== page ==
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Facebook is losing teens — but there's a catch

Melody Hahm
Senior Writer

Teens are losing interest in Facebook. But they’re spending more and more of their time on Snapchat and Instagram.

In fact, less than half of all teens use Facebook (FB). Only 45% of teens use Facebook monthly (down from 51% in spring of this year), according to a new teen survey from Piper Jaffray.

But, this decline in Facebook engagement is offset by teens’ love of Instagram, which Facebook acquired in 2012.

Forty seven percent of teens call Snapchat (SNAP) their favorite social platform, which represents a 7.4% quarter-over-quarter increase. Instagram came in second place, with 24% calling it their favorite.

Source: Piper Jaffray

Instagram v. Snapchat 

Some argue that Instagram poses an existential threat to Snapchat. The former boasts 800 million users, 500 of whom use the app daily. Meanwhle, Snapchat has 300 million users, with 173 snapping daily.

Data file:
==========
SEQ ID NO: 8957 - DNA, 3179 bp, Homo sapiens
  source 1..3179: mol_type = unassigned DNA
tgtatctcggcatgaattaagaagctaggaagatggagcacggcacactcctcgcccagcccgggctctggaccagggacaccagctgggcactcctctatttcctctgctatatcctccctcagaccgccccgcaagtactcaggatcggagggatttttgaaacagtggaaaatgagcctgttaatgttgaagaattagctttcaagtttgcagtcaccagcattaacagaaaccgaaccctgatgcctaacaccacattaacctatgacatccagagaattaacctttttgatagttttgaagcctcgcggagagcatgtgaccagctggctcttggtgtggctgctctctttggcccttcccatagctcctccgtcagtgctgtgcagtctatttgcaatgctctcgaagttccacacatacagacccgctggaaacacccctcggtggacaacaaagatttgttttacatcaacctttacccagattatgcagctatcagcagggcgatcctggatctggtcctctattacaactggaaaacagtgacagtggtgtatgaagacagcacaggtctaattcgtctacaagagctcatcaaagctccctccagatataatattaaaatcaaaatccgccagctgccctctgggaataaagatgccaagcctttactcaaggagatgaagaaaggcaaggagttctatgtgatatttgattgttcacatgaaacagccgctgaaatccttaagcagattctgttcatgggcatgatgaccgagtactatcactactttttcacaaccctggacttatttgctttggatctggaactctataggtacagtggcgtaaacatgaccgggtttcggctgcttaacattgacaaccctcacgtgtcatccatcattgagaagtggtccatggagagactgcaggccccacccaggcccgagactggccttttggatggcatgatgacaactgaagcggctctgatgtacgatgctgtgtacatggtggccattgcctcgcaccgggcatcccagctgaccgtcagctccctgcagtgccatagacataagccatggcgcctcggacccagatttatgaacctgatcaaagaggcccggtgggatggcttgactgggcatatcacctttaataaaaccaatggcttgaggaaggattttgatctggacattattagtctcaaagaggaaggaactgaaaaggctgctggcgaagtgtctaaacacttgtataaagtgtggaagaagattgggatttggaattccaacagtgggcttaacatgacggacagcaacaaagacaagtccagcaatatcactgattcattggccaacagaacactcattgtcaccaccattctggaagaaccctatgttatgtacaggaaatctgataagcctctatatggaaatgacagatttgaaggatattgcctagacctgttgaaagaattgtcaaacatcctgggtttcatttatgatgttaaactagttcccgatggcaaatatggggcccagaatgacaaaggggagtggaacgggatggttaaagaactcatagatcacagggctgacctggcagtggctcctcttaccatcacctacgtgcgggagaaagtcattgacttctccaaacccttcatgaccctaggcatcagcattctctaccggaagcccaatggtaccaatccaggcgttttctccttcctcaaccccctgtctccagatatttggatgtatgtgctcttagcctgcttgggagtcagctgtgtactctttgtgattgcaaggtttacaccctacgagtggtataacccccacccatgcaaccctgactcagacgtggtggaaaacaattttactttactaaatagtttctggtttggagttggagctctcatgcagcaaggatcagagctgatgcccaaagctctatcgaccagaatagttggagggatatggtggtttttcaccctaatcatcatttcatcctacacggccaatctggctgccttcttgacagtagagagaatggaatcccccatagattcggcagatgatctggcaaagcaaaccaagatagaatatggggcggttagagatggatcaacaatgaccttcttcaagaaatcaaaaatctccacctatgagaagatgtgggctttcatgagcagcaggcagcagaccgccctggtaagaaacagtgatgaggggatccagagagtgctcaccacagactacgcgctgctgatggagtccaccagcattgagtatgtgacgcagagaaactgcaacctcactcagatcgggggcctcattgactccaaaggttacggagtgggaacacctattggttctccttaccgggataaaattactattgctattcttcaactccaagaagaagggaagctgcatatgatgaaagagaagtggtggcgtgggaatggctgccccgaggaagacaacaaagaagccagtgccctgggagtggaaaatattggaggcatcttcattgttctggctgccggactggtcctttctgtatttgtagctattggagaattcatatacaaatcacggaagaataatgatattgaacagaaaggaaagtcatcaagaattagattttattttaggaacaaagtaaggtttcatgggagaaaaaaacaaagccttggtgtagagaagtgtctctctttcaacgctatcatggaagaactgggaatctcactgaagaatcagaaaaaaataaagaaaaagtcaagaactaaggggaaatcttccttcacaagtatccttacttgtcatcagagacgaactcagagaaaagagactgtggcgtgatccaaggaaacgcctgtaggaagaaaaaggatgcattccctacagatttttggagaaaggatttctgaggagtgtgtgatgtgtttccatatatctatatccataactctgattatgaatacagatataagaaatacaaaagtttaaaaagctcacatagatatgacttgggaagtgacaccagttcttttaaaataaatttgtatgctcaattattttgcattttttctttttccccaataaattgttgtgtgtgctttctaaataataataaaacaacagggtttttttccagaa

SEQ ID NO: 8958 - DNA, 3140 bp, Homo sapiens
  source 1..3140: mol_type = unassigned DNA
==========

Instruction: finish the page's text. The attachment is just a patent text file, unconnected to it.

”Instagram and Snapchat have extremely high user overlap, but Instagram is a better channel for branding, has better ad units, and stronger advertiser engagement,” Piper Jaffray analysts point out in the report.

However, the narrative that Instagram’s move into ephemeral photos and videos with Instagram stories would kill Snapchat engagement is greatly exaggerated. Ultimately, it hasn’t impacted how engaged teens are with Snapchat, according to the survey.

“Snap pitches itself as having unique access to a hard-to-reach demographic, but our survey suggests its user base is nearly identical to Instagram,” Piper Jaffray analysts said.

Source: Piper Jaffray

Teens have been ditching Facebook for years now, but given Instagram’s success, perhaps the company doesn’t feel the urgency to lure them back.

Facebook CFO David Ebersman first acknowledged Facebook was seeing a decrease in daily users, specifically younger teens. during the company’s 2013 third-quarter conference call. Zuckerberg had vehemently denied the claim the prior quarter.

Piper Jaffray spoke with 6,100 teens across 44 states in the U.S. with an average age of 15.9 years for its 34th semi-annual “Taking Stock With Teens Fall survey. Geographically, the firm received the most responses from the South (45%) and Midwest (32%) with the balance from the West & Northeast.